APRC demonstrates the south's inability to meet Tamil aspirations
Developments in the APRC during the past fortnight show it up for what it is - a clever device used by the government to cover its goal of militarily crushing the LTTE and terrorising the Tamil people of the North and East.
The stripping of the APRC's pretences was precipitated by the UNP placing an August 15 deadline for the APRC's draft report. On the appointed day, the SLFP and the MEP called for the adjournment of the APRC until President Mahinda Rajapaksa met with government representatives participating in the exercise.
The SLFP-MEP demand for adjournment was followed by the withdrawal of the UNP from the APRC on the plea it was a useless exercise if parties in the government could not reach a consensus on what could be offered the Tamils.
However APRC chairman and Minister Tissa Vitharana told the media that despite the APRC's abrupt suspension, the draft report would be presented. Snippets leaked to the media described the draft as going further in power sharing and devolution than the ruling SLFP's proposals, which had recommended that the district be the unit of devolution, while the unitary character of the state remained unchanged.
Differences between the SLFP-MEP and the APRC's chairman triggered sections of the media opposed to the government and interested in undermining its unity to spring into the fray implying there was a split in the government ranks with the hardliners - especially the MEP and extreme Sinhala nationalists within the SLFP - attempting to scuttle the APRC, whereas the more moderate elements such as the traditional left, were willing for greater accommodation.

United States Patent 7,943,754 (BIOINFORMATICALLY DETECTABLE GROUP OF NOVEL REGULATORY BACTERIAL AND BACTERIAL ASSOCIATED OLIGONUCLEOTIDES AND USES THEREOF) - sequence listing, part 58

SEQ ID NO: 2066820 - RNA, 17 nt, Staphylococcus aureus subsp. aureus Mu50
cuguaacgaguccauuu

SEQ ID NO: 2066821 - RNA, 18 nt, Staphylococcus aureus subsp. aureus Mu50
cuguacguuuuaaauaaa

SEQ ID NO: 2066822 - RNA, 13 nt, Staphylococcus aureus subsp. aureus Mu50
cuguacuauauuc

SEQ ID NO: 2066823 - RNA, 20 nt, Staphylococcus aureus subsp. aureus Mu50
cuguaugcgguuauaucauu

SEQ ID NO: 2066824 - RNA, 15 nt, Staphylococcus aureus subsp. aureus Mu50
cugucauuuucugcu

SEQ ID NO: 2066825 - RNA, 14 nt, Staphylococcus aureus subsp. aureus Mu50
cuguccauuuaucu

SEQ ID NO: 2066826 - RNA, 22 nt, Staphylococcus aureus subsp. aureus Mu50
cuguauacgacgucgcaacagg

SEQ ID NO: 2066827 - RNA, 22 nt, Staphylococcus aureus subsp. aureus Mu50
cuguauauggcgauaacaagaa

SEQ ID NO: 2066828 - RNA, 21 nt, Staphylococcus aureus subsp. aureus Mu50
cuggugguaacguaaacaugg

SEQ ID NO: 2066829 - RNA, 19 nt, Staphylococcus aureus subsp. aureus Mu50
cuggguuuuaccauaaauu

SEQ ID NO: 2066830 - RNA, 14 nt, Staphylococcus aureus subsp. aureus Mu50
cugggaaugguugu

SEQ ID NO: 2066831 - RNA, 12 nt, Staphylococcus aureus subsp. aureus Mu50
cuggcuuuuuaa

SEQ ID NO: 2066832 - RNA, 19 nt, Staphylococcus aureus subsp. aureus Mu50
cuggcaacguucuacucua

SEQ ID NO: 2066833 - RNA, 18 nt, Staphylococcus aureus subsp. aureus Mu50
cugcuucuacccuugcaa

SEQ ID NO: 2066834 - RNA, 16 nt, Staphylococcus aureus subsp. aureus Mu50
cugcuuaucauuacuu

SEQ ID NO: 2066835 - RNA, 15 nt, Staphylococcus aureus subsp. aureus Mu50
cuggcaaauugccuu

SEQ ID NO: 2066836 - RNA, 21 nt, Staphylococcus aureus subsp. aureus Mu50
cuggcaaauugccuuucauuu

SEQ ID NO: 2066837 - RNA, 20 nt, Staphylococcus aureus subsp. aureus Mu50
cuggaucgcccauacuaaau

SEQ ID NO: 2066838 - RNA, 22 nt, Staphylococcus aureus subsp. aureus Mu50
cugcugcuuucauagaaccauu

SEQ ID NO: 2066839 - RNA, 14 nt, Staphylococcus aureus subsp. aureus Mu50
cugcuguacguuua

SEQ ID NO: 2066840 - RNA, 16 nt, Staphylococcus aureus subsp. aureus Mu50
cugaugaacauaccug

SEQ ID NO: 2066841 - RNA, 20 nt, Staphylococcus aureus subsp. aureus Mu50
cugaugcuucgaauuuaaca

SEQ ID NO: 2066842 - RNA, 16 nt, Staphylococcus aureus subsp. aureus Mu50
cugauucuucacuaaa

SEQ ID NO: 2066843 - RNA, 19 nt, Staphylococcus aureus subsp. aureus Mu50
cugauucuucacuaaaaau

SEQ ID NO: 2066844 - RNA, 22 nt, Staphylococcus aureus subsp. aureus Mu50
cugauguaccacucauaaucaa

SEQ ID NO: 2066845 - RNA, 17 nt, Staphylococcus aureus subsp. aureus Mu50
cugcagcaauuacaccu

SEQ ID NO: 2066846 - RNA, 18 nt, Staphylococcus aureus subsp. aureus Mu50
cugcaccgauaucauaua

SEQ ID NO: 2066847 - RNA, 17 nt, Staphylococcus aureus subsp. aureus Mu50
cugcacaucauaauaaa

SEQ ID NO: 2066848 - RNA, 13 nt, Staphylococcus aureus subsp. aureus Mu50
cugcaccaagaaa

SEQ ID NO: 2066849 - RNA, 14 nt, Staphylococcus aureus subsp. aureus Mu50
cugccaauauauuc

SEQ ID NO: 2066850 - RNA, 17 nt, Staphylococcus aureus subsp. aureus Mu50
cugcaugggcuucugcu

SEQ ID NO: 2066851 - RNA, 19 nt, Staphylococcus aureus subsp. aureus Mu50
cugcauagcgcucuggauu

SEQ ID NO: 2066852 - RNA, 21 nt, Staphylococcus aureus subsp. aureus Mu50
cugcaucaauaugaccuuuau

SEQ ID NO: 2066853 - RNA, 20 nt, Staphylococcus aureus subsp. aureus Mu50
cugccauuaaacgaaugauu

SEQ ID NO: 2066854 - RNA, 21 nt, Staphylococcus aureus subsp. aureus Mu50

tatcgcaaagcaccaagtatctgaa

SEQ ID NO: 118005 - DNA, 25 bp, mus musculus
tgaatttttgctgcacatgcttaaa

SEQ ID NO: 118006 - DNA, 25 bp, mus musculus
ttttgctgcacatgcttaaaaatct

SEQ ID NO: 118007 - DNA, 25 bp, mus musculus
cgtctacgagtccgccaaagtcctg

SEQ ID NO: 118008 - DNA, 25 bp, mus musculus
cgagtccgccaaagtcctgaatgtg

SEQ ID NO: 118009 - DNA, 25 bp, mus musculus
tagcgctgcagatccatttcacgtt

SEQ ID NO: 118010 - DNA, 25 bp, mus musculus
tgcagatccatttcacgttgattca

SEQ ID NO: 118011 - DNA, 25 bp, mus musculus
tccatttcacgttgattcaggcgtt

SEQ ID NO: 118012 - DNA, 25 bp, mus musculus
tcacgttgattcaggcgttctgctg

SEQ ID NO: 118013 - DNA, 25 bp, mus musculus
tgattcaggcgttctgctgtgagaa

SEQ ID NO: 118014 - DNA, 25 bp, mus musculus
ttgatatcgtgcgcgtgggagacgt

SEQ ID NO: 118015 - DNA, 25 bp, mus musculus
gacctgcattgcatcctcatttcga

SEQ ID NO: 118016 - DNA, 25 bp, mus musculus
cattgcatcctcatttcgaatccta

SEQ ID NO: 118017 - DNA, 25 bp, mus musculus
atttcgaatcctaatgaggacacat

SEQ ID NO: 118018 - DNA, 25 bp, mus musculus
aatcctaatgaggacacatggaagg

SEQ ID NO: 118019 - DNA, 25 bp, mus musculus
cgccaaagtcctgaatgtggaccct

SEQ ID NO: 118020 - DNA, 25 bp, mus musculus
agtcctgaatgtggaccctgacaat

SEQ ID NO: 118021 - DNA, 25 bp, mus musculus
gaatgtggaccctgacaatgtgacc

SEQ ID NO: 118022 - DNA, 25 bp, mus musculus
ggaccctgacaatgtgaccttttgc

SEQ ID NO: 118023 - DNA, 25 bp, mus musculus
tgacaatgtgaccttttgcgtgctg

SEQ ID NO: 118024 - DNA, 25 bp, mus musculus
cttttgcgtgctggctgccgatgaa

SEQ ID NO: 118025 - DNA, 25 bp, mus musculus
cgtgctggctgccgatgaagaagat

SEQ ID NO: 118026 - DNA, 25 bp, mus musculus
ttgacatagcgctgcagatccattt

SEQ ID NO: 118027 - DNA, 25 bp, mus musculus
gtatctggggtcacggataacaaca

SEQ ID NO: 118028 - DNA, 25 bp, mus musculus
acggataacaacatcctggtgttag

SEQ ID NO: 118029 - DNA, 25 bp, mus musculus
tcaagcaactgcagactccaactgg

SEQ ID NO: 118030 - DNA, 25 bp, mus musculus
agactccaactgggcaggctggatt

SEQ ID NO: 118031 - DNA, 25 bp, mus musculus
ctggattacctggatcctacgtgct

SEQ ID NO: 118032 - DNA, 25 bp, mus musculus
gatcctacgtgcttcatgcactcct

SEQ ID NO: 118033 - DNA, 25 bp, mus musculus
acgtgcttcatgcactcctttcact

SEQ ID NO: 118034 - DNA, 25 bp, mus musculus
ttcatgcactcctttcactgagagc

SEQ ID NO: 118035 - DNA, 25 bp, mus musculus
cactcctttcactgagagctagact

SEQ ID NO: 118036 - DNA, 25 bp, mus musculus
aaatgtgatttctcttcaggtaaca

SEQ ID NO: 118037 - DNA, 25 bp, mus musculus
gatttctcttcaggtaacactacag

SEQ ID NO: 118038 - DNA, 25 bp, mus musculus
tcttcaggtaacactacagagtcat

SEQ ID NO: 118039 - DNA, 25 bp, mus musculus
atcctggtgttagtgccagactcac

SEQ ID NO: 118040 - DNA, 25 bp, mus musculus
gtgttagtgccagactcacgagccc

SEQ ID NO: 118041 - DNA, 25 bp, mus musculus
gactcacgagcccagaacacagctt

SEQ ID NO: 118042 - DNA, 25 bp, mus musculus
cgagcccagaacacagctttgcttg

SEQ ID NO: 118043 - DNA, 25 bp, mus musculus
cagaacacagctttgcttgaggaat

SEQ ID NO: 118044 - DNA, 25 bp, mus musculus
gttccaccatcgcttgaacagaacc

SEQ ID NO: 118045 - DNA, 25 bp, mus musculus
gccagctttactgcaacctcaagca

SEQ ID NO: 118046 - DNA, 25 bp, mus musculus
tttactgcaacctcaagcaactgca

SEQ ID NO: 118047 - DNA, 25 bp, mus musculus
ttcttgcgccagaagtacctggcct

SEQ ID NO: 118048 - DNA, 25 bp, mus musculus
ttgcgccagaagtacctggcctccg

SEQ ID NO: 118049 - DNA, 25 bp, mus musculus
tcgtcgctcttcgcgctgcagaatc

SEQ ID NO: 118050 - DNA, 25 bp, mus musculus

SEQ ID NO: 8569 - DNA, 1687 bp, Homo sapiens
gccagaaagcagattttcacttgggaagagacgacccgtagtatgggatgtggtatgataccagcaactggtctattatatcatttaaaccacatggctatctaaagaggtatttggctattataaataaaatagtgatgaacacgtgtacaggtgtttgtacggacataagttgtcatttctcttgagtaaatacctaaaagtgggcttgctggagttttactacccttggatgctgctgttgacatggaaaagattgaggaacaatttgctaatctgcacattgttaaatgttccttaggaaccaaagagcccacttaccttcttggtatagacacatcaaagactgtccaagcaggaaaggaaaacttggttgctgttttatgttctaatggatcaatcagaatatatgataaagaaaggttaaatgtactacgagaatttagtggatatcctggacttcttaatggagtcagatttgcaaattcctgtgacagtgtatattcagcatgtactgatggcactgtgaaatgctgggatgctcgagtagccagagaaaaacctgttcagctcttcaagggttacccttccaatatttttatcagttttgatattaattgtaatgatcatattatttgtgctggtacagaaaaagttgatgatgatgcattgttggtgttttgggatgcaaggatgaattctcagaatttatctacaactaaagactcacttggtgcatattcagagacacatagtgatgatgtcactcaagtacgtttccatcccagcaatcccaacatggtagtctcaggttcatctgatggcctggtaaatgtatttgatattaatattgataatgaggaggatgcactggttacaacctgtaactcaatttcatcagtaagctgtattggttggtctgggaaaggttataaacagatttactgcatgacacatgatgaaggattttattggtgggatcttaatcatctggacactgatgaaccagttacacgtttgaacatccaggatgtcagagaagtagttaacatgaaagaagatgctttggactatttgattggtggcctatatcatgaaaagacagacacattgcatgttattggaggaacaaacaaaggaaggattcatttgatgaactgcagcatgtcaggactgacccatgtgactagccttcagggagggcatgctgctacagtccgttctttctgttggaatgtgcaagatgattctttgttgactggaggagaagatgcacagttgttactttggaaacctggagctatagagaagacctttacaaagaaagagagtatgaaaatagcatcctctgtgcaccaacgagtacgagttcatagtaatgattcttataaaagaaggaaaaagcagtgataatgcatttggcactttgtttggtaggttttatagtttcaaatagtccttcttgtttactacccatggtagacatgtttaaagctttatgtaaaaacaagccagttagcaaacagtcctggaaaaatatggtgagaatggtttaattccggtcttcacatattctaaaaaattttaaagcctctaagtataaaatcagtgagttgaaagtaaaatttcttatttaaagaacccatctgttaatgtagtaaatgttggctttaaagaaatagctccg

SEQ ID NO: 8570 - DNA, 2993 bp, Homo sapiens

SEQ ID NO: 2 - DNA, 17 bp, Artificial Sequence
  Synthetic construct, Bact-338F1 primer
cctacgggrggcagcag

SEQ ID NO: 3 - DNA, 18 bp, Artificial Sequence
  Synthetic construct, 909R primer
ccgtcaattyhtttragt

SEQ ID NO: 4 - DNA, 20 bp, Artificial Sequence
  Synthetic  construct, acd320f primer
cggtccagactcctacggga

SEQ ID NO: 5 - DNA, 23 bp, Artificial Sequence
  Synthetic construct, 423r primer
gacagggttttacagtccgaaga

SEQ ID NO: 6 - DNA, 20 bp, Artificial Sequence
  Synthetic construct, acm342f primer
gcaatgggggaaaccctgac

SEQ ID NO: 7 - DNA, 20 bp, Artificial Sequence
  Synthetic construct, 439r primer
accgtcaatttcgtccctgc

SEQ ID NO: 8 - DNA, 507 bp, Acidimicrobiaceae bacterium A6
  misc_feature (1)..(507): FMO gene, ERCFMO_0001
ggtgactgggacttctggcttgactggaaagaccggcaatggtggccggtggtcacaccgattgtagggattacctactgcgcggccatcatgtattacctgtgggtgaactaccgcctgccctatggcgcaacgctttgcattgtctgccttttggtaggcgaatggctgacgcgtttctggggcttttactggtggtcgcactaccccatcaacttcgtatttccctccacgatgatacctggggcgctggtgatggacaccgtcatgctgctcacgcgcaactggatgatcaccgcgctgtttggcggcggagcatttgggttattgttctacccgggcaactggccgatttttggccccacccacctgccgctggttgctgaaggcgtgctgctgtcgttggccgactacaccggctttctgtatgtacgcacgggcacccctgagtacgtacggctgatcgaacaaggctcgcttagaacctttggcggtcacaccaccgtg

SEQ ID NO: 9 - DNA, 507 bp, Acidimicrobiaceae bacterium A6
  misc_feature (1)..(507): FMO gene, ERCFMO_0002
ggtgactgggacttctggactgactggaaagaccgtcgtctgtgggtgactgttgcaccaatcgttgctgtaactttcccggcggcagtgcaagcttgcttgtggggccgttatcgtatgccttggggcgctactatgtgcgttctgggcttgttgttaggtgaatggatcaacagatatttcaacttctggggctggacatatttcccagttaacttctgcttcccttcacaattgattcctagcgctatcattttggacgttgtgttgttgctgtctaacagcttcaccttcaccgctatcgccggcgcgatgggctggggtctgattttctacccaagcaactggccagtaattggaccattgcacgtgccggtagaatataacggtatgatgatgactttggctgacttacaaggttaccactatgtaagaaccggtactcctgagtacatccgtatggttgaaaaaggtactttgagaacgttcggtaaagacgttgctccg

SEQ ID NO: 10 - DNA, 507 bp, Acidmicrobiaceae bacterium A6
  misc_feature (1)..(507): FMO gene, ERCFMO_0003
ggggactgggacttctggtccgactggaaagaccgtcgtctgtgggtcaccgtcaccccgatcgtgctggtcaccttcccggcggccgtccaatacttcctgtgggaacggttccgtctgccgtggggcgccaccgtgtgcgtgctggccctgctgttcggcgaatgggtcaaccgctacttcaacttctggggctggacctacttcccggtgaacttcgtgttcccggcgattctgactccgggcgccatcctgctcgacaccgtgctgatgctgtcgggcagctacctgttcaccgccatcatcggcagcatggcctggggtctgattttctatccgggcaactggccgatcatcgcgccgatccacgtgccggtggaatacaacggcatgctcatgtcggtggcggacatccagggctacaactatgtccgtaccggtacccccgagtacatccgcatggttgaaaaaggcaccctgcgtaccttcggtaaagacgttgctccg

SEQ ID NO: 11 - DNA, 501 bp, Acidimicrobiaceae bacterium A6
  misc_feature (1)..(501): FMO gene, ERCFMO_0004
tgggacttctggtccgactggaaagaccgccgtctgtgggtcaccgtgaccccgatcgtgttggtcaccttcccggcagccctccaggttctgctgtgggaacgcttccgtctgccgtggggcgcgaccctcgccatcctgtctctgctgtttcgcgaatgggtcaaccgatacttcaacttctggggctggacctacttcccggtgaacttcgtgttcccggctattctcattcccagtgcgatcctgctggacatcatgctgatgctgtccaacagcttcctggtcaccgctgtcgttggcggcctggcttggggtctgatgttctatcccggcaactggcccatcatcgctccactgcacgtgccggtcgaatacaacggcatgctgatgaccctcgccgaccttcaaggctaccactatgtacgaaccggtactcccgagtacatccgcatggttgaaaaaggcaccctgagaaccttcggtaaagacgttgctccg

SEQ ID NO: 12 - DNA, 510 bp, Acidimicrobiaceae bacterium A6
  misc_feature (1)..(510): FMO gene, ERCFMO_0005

If this indeed is true we are seeing 'moderates' like Minister Vitharana being tolerated within the government's fold despite his ideas on vital issues related to resolving the ethnic problem being fundamentally different from that of the president. But is this possible? Would the present regime, notorious for controlling everything from Temple Trees, actually permit senior ministers in the government to speak against the president's wishes?
The answer is: no. The government speaking in two voices is not a demonstration of new-found democracy in party or coalitional politics, but the government continuing to use the APRC as part of its counterinsurgency strategy to militarily destroy the LTTE.
With the formation of the National Council comprising the UNP and dissidents of the SLFP, and the JVP openly opposing the government, President Rajapaksa realised his options were limited. And his first response was to firm up ties with the ultra-right JHU. Cementing of the bond was not without conditions, however. The JHU, opposed to devolution of power, demanded the government dissociate itself with the APRC. This was the reason for the SLFP and the MEP to move for the APRC's adjournment.
There was a snag, however. The international community and India, which had placed great stock on the government putting forward a credible set of proposals on political devolution, would not obviously be amused by the suspension of the APRC. They had to be appeased. And there was no better way to play the politics of appeasement than for the government to allow the chairman of the APRC himself to appear to take a position critical of the ruling party.